Use your camera as a tool to help you notice and enjance your ongoing experiences. By looking at objects through the lens of the camera and noticing the beauty and meaning in objects often overlooked, you're able to savor them in an appreciative way. Take the time to actually print, frame and enjoy your work.

3) Photos for your Soul

Be open to beauty and excellence. It is everywhere. Feel reverence and awe for beautiful objects and moving performances. People who open themselves to the beauty and excellence around them are more likely to find joy, meaning and profound connections in their lives . Don't go through life wearing blinders to everything that is touching, beautiful, virtuous and magnificent- Sonja Lyubomirsky

4) Pick two activities in your day that you will deliberately slow way down and savor. Engage all of your senses, be mindful, yet also appreciative.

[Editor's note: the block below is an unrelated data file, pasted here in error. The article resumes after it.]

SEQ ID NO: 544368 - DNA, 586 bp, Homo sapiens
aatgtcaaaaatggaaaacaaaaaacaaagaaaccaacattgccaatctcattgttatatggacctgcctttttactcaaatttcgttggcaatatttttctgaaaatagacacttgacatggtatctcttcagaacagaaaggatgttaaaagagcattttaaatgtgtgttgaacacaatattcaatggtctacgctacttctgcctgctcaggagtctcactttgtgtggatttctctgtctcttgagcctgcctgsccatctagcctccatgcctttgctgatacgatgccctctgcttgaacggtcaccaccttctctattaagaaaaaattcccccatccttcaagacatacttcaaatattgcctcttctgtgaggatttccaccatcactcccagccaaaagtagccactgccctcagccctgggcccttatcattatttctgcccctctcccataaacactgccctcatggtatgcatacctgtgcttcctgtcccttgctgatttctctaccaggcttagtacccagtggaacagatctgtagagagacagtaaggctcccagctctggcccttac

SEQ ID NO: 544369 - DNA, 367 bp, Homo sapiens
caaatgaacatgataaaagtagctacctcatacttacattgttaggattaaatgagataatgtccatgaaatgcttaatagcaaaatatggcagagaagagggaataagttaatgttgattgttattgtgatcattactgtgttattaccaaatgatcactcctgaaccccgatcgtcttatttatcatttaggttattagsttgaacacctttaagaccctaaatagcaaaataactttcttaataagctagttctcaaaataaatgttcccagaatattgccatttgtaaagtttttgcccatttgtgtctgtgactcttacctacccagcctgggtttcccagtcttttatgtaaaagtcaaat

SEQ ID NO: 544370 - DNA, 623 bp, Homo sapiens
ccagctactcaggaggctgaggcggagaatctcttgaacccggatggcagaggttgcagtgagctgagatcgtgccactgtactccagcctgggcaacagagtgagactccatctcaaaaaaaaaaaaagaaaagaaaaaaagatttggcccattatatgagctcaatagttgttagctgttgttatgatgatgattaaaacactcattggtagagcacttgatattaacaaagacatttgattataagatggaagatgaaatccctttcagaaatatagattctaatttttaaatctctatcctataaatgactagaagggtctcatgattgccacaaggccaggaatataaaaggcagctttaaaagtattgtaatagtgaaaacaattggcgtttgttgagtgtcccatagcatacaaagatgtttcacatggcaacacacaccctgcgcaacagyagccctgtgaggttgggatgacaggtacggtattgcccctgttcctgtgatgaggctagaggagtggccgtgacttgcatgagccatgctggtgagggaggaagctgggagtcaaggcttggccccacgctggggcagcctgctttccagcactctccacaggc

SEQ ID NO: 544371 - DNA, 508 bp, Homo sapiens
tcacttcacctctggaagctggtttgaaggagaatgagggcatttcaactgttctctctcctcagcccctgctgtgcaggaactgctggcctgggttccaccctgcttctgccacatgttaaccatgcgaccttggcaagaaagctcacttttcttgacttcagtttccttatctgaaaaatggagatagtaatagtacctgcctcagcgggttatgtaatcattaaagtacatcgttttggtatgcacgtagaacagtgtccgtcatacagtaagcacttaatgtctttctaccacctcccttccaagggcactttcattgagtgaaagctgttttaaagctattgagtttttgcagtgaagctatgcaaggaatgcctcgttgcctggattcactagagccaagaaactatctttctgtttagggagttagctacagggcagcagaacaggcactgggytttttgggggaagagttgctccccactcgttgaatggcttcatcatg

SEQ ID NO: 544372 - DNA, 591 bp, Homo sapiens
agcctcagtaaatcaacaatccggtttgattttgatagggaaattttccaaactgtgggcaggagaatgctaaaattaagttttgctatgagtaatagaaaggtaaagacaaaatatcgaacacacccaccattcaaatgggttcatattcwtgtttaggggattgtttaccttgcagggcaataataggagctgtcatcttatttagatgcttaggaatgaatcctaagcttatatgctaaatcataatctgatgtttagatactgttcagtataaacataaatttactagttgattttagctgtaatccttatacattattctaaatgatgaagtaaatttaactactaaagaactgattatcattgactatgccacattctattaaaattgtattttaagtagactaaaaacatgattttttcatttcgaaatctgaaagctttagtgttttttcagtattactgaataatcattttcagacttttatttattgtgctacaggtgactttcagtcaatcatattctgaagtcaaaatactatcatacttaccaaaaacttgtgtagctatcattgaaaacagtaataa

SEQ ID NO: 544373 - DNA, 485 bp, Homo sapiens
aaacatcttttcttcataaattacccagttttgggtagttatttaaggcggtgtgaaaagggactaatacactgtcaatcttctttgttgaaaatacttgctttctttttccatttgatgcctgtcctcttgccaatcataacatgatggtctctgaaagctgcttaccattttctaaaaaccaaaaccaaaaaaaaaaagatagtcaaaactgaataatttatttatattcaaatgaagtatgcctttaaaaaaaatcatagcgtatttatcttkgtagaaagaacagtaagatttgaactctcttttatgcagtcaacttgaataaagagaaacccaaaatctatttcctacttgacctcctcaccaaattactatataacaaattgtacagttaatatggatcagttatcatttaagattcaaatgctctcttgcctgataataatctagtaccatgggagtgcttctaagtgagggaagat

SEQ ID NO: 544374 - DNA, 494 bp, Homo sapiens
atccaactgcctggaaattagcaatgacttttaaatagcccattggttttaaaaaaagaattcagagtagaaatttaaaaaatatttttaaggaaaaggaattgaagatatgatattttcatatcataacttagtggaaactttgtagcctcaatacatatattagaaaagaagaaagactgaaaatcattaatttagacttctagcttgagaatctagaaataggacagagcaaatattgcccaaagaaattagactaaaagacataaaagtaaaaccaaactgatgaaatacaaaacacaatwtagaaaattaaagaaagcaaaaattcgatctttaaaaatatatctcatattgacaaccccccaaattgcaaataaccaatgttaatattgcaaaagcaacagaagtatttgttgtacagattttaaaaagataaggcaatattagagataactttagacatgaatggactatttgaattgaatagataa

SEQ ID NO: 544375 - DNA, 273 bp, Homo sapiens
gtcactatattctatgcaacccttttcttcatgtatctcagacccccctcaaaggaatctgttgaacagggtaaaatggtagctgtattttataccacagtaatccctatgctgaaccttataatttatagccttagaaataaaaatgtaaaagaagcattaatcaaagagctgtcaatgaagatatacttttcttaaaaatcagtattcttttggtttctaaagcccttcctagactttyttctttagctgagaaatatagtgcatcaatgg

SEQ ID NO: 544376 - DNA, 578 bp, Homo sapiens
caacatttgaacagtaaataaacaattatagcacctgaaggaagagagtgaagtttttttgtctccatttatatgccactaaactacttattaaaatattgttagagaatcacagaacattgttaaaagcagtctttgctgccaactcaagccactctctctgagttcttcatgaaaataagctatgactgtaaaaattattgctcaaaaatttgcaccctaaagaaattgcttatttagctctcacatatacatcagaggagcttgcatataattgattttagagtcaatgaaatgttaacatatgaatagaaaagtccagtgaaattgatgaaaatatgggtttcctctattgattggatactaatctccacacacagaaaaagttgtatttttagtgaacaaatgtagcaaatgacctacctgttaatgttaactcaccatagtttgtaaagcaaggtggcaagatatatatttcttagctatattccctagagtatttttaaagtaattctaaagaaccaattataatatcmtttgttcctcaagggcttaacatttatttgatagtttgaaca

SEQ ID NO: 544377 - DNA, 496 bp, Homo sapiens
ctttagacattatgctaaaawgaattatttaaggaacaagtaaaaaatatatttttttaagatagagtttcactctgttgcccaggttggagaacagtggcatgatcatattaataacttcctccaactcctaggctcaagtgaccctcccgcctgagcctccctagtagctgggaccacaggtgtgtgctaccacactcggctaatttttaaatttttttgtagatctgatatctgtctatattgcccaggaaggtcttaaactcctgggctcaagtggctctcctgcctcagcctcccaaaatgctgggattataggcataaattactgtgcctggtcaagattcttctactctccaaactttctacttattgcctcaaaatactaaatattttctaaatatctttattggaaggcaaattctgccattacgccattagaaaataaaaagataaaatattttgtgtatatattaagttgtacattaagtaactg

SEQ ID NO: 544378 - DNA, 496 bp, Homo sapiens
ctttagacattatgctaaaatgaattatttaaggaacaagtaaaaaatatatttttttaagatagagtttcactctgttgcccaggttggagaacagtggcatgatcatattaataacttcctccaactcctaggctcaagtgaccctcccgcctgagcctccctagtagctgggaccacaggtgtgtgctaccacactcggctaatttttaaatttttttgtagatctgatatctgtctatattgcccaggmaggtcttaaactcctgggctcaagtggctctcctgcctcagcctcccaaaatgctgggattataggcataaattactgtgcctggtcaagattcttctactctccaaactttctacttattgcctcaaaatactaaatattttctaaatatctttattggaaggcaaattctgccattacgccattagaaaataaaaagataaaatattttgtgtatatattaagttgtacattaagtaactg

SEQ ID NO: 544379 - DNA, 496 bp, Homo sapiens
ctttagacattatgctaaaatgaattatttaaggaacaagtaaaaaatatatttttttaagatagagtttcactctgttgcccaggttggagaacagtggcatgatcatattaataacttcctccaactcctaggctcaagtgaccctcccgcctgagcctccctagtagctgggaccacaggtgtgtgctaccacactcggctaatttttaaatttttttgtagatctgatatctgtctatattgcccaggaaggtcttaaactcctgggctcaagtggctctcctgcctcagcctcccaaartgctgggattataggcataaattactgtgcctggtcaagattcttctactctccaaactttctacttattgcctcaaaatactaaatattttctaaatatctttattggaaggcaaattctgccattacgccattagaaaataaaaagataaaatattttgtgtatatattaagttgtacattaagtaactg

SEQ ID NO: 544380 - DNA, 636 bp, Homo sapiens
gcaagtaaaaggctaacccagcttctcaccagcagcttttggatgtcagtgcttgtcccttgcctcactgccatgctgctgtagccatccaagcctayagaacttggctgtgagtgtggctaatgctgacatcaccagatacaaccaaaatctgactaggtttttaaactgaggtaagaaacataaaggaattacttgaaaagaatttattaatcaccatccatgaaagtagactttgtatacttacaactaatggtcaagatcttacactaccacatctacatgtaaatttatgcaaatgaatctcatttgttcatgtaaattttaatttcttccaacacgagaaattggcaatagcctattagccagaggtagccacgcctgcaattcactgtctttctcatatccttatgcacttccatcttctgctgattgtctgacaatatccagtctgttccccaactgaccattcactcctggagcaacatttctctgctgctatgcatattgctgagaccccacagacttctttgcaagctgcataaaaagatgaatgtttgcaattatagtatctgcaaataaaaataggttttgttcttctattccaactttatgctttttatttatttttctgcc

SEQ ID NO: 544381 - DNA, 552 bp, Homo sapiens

Be careful that using the camera doesn't detract from being present. I realized that I sometimes used my camera to detach from a situation several years ago when my husband's grandmother was dying. In a frenzied flight situation, I had accidentally left my camera in the airport on the way to visit her. It was never found. I went through the weekend without my usual way of interacting with extended family. I had no camera. It was actually quite liberating to just be fully present. Not taking any pictures, not trying to make photographic memories. The time still is etched in my heart. No camera needed.